According to the IUCN Red List, the total population of Lion-tailed macaques is under 4,000 individuals, including less than 2,500 mature individuals. Specific populations have been estimated in the following areas: The forests of Kerala - up to 1,216 adult macaques; Tamil Nadu (the Anaimalai Hills) - about 500 individuals. Overall, the population number of Lion-tailed macaques is decreasing today, and the animals are classified as Endangered (EN) on the IUCN Red List.

Ecological niche

Lion-tailed macaques play some role in the ecosystem they live, as they disperse seeds of fruits and plants they consume. They may also affect predator populations, as items of prey.

Fun Facts for Kids

  • On their cheeks, near the lower teeth, these animals have extensile pouches that extend down the side of the neck and act as food storages when feeding.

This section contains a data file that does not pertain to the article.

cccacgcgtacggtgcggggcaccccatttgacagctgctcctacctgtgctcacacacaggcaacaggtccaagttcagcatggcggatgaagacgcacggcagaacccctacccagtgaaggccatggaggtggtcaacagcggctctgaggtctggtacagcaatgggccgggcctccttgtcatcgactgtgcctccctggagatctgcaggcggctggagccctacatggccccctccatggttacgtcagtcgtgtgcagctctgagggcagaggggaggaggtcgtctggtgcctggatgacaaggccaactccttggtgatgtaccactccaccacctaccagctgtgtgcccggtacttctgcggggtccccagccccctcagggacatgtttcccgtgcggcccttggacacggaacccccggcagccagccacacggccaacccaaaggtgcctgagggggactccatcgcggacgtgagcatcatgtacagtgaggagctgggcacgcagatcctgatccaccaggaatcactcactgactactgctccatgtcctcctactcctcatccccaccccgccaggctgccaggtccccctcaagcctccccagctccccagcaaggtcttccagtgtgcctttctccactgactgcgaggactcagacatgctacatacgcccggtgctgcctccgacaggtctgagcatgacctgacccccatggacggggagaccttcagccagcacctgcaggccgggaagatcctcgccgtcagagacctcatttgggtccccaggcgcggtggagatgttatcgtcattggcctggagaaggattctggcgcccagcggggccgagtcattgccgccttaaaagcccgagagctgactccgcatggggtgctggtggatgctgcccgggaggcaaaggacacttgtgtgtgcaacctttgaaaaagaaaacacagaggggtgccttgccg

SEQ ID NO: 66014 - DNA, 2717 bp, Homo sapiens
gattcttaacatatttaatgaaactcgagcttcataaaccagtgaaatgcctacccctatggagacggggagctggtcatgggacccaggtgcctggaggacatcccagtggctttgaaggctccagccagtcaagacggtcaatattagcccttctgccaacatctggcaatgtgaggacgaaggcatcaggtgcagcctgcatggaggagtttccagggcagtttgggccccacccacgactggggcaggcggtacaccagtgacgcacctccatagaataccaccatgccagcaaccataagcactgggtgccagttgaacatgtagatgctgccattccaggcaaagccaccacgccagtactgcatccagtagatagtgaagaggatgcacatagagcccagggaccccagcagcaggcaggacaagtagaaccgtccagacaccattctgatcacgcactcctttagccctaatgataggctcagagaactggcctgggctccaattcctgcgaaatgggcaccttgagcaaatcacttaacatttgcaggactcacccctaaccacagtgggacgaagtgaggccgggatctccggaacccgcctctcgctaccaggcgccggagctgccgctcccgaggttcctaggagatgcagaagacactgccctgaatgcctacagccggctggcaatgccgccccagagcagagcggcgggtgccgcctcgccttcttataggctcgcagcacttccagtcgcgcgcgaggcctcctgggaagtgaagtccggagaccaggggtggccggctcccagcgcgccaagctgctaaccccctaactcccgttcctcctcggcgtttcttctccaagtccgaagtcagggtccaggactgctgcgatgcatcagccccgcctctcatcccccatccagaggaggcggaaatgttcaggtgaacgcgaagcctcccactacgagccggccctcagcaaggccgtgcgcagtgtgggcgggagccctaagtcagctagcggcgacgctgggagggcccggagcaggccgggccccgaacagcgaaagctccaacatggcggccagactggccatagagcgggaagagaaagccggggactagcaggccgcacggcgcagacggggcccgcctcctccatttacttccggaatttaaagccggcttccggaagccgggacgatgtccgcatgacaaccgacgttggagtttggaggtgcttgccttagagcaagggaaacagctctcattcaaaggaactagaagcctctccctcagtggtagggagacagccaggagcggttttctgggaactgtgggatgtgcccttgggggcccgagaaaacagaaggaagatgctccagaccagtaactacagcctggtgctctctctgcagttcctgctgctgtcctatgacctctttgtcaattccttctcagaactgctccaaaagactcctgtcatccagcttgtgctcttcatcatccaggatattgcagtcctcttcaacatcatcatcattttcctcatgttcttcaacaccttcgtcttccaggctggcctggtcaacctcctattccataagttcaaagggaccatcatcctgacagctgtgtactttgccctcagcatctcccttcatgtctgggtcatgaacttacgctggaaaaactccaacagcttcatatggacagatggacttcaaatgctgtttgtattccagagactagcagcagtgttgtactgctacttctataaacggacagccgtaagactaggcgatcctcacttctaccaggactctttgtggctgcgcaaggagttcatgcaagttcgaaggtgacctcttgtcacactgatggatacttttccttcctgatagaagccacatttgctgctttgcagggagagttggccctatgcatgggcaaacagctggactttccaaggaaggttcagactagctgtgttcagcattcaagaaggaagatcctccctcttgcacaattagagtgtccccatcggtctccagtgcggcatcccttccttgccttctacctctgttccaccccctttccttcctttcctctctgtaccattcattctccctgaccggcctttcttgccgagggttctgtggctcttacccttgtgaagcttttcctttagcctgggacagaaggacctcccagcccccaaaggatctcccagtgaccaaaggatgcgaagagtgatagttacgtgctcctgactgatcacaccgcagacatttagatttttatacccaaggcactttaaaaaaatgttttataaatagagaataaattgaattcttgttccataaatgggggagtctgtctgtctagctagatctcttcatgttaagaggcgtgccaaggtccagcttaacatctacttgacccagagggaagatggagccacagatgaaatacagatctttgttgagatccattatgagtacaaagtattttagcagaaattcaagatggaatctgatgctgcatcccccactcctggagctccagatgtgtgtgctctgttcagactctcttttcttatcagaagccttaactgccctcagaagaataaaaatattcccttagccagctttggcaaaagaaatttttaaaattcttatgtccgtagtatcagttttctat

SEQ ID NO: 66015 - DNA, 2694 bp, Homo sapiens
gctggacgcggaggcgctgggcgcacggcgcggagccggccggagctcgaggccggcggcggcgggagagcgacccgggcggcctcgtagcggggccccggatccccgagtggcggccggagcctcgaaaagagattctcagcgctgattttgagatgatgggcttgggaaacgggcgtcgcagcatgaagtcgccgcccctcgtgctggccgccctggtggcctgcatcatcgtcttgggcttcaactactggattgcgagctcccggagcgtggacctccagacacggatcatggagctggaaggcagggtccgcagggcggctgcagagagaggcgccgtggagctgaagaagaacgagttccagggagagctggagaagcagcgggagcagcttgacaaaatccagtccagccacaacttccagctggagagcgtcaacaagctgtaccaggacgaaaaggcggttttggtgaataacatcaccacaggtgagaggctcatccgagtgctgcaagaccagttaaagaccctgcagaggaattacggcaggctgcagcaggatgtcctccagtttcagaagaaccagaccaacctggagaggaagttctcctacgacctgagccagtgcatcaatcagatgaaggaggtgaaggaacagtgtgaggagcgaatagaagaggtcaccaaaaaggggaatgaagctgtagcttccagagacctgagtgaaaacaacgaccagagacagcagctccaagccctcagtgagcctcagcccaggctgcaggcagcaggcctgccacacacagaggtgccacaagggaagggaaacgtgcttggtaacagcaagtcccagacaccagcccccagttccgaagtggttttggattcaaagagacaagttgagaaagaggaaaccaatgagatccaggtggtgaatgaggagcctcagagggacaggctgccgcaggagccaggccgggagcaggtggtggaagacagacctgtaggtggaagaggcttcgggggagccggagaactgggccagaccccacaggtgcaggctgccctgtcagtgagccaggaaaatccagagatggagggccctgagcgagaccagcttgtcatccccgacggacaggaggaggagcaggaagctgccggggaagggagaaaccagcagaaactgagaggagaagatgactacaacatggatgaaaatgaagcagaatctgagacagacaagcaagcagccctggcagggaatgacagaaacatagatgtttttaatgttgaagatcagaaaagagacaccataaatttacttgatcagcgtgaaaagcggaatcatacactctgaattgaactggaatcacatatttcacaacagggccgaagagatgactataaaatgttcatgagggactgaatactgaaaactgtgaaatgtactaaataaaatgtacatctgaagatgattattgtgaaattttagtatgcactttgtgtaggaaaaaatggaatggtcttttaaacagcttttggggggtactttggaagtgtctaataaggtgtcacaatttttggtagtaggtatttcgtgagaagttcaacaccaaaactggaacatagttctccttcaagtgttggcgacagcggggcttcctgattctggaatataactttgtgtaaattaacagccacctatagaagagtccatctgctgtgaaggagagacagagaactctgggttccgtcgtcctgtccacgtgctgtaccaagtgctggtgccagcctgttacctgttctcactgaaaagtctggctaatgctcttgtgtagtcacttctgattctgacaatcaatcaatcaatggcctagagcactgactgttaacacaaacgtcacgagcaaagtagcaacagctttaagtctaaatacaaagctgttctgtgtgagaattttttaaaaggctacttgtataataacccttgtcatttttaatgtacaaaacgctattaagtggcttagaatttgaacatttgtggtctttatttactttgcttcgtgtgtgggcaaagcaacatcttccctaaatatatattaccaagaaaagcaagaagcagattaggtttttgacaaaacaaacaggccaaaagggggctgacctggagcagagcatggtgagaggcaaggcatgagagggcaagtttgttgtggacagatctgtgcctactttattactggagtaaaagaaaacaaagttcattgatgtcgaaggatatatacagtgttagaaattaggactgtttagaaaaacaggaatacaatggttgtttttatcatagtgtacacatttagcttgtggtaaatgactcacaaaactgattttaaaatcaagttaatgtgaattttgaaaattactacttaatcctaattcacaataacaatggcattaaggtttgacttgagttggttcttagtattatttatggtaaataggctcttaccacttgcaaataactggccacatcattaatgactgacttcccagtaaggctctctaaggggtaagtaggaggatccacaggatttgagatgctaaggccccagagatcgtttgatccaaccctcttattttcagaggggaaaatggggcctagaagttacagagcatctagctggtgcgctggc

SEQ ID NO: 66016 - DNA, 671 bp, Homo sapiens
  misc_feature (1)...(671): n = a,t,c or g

• The Lion-tailed macaques are generally arboreal. However, they are known to spend some time on the ground, typically playing and splashing in the water.
  • These primates get a part of the required moisture by licking dew from leaves.
  • Lion-tailed macaques can possess opposable first digits or thumbs on their limbs, which help them in climbing, feeding, moving, grooming, and other activities.
  • This species is otherwise known as the “beard ape”, as a reference to its mane.
  • The Lion-tailed macaque is currently one of the rarest macaque species. Moreover, this animal is the only endangered macaque out of 21 species of its genus.
  • When spotting a predator or a human, this animal will freeze on the top of a tree, where it lives.


1. Lion-Tailed Macaque Wikipedia article -
2. Lion-Tailed Macaque on The IUCN Red List site -